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North Merseyside Biodiversity Action Plan
Sand Lizard Lacerta agilis
1 Current status
1.1 National & international
The Sand Lizard is under threat throughout its Palaearctic range and beyond. Populations are declining throughout Europe. In the UK, many natural populations have disappeared and the species has been lost from many regions.
Surviving colonies are mostly confined to heathland habitats within coniferous forests and the dry heaths of south Dorset. Only a few populations now remain on the heathlands of south-west Surrey and the Merseyside sand dunes.
Sand Lizards have recently been re-introduced to sites in southern England and north and west Wales. There is one long established, introduced colony in Scotland. It is a Priority Species in the UK BAP on account of its historic decline and current
There was a very large reduction in the size and distribution of the North Merseyside population during the 20th century - perhaps as much as 80%. The current estimate of the local population is 1,000 adults. These are all located in the Sefton Coast sand dunes and surrounding area and are spread over widely fragmented sites. The Sefton population is considered the rarest of three ‘geographical races’ in Britain. One population within the Sefton coast area appears to be genetically distinct from the others, due to isolation.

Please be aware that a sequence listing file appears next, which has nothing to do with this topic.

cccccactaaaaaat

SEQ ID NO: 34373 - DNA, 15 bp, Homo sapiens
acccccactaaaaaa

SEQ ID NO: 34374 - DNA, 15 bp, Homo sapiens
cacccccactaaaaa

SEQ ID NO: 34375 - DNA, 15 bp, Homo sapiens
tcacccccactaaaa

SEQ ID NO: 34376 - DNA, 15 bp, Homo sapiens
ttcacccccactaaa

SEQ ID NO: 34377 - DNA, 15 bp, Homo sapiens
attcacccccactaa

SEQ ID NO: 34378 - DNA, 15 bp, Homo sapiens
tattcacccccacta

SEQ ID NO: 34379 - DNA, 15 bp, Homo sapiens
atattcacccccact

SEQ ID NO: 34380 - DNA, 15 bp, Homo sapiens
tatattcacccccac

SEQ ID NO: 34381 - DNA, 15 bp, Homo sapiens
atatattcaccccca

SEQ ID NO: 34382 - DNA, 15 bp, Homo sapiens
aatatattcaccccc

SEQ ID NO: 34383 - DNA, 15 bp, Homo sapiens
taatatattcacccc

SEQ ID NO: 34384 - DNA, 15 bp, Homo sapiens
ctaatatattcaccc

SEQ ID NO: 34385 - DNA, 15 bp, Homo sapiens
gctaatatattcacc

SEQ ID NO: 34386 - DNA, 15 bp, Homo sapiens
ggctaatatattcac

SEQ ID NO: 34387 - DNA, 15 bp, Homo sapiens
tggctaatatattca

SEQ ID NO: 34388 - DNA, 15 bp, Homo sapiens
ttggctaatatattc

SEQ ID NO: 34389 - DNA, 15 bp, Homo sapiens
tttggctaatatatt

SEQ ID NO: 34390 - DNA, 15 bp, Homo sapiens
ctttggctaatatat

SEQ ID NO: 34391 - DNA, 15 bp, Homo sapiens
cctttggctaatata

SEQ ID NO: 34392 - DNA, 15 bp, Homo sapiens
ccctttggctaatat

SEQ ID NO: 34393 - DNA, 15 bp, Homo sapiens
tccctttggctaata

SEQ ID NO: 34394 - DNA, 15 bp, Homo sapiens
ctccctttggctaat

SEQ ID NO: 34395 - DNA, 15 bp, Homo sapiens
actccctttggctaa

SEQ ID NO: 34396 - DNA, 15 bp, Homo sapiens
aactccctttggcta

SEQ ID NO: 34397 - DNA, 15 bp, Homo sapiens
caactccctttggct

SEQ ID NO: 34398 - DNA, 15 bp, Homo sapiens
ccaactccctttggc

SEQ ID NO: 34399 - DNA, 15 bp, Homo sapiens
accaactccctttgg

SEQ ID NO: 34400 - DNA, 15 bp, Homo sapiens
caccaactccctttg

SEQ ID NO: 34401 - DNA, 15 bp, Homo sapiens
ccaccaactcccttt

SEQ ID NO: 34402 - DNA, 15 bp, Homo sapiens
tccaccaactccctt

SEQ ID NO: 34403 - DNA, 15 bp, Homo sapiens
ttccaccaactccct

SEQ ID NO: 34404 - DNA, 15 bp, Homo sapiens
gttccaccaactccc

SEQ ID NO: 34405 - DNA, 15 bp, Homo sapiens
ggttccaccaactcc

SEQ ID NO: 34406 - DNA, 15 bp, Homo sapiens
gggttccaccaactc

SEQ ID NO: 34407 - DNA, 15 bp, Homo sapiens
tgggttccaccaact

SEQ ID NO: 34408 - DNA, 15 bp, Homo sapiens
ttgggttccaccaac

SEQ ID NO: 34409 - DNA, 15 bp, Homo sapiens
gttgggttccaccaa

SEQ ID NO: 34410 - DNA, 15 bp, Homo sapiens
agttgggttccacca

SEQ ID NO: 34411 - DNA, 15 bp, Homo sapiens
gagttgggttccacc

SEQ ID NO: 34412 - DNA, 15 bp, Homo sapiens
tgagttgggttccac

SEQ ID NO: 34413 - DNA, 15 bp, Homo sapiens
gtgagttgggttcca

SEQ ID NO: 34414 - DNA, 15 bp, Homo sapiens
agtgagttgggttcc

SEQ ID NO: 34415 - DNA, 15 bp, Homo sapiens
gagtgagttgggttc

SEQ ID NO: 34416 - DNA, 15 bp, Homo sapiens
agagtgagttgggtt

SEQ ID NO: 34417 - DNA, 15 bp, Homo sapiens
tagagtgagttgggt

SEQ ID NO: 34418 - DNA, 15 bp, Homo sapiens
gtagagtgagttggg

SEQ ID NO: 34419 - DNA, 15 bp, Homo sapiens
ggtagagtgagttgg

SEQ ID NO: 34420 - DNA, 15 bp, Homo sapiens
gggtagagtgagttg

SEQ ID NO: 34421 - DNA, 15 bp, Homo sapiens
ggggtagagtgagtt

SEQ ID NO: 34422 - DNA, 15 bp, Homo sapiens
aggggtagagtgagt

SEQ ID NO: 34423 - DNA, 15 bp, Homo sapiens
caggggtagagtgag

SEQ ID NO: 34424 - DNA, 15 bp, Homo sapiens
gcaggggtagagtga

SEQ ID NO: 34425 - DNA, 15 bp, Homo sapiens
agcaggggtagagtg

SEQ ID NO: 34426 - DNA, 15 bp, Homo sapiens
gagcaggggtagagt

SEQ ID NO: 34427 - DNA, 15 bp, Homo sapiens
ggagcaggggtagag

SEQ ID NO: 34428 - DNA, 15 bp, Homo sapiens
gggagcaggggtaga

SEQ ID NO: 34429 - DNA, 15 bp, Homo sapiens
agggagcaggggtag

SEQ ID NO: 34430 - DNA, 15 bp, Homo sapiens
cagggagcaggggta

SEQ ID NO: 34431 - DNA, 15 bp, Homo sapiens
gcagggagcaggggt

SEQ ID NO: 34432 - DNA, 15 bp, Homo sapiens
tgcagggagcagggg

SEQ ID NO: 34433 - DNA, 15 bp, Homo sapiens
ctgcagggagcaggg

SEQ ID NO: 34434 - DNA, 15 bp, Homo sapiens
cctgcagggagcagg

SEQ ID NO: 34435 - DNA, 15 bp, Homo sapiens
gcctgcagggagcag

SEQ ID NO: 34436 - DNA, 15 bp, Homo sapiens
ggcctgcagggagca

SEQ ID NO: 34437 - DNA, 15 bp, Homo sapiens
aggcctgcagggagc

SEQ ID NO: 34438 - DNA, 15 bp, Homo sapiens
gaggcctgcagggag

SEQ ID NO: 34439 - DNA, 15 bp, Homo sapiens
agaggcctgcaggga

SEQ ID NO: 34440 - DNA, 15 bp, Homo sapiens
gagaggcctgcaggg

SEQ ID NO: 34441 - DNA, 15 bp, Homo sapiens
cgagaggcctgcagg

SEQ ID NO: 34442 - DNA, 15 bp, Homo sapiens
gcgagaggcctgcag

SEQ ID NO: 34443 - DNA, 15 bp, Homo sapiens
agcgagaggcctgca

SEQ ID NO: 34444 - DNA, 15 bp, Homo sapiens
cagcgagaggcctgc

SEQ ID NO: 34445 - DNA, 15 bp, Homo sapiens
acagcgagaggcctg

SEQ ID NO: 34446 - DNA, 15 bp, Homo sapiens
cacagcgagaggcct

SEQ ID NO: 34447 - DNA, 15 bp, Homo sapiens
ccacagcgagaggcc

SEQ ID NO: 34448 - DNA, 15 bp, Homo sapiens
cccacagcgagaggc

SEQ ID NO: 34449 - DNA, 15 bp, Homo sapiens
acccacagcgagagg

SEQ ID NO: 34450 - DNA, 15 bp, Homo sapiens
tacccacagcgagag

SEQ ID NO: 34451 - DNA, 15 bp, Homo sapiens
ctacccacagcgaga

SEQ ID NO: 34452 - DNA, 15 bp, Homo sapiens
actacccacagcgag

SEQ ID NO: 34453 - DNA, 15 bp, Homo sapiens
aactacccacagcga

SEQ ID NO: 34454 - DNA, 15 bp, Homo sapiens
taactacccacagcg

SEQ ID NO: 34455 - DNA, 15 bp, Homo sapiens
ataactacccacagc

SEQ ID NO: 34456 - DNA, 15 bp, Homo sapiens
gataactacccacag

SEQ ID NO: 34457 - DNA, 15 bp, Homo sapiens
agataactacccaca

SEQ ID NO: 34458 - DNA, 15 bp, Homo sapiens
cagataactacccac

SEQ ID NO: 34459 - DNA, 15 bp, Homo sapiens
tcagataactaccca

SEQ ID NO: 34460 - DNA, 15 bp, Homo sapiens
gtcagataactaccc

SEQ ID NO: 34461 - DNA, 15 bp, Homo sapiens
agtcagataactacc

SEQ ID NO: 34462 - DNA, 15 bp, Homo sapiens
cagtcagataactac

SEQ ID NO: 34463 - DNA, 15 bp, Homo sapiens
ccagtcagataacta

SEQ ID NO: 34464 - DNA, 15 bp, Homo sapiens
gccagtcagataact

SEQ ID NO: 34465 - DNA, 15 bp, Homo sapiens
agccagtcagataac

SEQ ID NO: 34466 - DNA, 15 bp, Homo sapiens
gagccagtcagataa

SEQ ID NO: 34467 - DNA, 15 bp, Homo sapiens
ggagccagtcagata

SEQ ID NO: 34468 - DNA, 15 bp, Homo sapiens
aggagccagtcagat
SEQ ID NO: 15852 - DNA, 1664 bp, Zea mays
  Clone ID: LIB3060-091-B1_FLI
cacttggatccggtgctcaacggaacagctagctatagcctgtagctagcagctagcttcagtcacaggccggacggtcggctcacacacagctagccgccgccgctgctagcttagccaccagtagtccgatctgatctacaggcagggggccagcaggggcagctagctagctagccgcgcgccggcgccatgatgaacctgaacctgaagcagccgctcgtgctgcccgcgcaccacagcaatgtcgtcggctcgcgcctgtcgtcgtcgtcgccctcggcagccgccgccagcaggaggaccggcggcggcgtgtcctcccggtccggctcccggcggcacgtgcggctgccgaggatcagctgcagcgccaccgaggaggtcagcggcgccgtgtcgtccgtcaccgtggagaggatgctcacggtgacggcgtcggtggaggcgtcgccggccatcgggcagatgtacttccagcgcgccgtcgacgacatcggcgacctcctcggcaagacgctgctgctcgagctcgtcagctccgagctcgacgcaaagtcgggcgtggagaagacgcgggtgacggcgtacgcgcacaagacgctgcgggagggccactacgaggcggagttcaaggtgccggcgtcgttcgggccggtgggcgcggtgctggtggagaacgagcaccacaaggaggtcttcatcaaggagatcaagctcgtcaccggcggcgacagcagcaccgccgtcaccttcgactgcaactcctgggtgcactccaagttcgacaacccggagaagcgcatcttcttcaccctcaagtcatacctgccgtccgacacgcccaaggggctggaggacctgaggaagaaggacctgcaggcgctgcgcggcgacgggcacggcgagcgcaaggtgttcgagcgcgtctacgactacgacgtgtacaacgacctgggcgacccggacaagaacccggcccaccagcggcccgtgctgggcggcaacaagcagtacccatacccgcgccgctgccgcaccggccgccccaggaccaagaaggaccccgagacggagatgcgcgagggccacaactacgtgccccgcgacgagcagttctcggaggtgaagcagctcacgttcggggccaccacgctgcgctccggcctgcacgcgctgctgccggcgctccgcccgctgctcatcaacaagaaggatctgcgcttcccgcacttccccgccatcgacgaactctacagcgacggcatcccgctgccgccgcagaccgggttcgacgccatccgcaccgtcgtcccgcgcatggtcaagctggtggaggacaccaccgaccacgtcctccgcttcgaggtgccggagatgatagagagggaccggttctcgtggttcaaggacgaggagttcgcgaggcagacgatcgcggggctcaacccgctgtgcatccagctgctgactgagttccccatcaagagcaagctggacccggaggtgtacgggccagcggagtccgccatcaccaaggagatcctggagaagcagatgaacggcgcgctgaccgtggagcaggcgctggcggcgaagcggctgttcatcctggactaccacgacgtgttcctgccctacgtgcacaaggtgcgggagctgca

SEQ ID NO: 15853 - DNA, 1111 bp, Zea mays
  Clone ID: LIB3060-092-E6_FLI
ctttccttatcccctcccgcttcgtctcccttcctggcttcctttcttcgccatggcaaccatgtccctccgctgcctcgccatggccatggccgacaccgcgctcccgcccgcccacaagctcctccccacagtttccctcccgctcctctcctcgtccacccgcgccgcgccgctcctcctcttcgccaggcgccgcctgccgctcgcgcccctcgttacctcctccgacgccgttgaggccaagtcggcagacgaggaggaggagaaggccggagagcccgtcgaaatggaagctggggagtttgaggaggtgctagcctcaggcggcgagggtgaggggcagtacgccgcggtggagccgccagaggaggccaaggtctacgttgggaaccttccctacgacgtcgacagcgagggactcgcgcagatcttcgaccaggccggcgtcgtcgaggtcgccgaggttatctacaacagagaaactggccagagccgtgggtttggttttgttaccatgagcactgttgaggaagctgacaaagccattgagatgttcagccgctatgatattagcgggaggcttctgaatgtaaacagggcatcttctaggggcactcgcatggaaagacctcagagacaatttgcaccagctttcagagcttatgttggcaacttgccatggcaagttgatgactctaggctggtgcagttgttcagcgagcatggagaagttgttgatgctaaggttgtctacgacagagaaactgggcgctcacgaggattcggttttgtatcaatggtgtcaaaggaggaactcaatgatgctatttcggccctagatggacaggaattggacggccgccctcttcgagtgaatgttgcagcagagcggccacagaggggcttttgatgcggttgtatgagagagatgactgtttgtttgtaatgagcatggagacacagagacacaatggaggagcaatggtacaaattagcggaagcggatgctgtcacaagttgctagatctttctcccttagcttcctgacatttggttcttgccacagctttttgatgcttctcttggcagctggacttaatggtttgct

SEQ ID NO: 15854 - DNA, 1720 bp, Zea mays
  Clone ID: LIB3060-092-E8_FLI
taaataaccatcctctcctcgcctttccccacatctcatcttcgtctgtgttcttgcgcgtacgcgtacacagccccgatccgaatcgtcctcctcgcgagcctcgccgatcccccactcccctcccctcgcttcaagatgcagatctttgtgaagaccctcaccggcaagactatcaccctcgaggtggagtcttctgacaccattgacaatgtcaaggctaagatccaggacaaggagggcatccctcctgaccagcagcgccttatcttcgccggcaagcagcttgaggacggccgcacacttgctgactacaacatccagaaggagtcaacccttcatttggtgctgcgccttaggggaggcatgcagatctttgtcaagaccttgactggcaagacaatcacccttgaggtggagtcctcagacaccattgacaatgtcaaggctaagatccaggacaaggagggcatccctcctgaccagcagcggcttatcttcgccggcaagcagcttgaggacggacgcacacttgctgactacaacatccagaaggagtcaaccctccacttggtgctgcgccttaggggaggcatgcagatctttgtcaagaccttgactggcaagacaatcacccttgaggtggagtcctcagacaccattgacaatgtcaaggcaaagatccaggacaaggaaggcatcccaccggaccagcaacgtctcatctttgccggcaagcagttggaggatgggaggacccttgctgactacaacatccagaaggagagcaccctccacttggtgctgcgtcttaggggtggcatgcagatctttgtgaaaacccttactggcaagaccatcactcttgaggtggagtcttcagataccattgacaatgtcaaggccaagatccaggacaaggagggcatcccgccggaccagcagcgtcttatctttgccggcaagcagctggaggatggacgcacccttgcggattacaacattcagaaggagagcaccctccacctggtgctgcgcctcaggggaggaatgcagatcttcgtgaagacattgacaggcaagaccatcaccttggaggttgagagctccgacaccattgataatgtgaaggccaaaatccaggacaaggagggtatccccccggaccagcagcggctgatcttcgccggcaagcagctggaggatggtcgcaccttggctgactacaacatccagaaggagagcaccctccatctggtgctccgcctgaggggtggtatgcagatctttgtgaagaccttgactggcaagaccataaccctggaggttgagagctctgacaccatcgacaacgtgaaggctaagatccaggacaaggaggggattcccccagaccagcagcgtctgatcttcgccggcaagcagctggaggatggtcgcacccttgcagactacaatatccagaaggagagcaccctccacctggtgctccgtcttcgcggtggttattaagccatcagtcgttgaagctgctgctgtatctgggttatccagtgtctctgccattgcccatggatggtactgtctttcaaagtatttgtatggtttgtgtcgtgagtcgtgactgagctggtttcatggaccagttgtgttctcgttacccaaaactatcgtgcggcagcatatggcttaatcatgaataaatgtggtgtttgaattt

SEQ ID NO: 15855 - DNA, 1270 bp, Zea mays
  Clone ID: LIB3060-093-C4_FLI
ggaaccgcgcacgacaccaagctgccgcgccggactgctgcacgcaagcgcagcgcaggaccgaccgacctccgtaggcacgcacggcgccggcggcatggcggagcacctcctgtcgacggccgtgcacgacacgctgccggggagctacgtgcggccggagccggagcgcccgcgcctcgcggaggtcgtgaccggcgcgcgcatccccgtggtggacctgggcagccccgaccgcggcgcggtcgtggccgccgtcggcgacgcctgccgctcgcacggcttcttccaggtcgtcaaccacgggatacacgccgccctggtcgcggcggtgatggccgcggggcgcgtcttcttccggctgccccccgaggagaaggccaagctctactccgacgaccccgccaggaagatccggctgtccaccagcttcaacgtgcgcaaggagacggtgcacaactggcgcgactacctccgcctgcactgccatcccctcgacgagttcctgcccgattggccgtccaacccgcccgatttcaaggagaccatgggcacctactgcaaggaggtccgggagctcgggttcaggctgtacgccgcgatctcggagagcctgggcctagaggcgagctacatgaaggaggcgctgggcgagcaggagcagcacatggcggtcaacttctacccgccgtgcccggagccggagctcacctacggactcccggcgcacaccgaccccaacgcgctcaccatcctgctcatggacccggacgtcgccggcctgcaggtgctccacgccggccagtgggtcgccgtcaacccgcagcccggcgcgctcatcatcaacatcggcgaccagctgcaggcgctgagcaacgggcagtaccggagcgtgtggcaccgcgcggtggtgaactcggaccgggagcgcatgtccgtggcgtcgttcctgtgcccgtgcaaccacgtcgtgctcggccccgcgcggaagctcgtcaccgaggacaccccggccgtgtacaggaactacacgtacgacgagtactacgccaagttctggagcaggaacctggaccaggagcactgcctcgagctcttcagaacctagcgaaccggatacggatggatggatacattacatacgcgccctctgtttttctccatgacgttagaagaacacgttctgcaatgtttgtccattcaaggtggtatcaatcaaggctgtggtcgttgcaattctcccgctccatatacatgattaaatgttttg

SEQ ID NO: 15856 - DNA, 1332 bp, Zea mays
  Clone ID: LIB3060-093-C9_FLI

There may have been some improvements in status at some sites but these have, to a degree, been balanced by other localised declines.
Optimal habitat for Sand Lizards includes: un-shaded ground vegetation of suitable structure, (e.g. mature and tangled marram grass or mature dry heath), local topographical variation (including south-facing slopes) and sufficient open sand nearby for breeding (5-20% on dunes and 2-10% on dry heaths).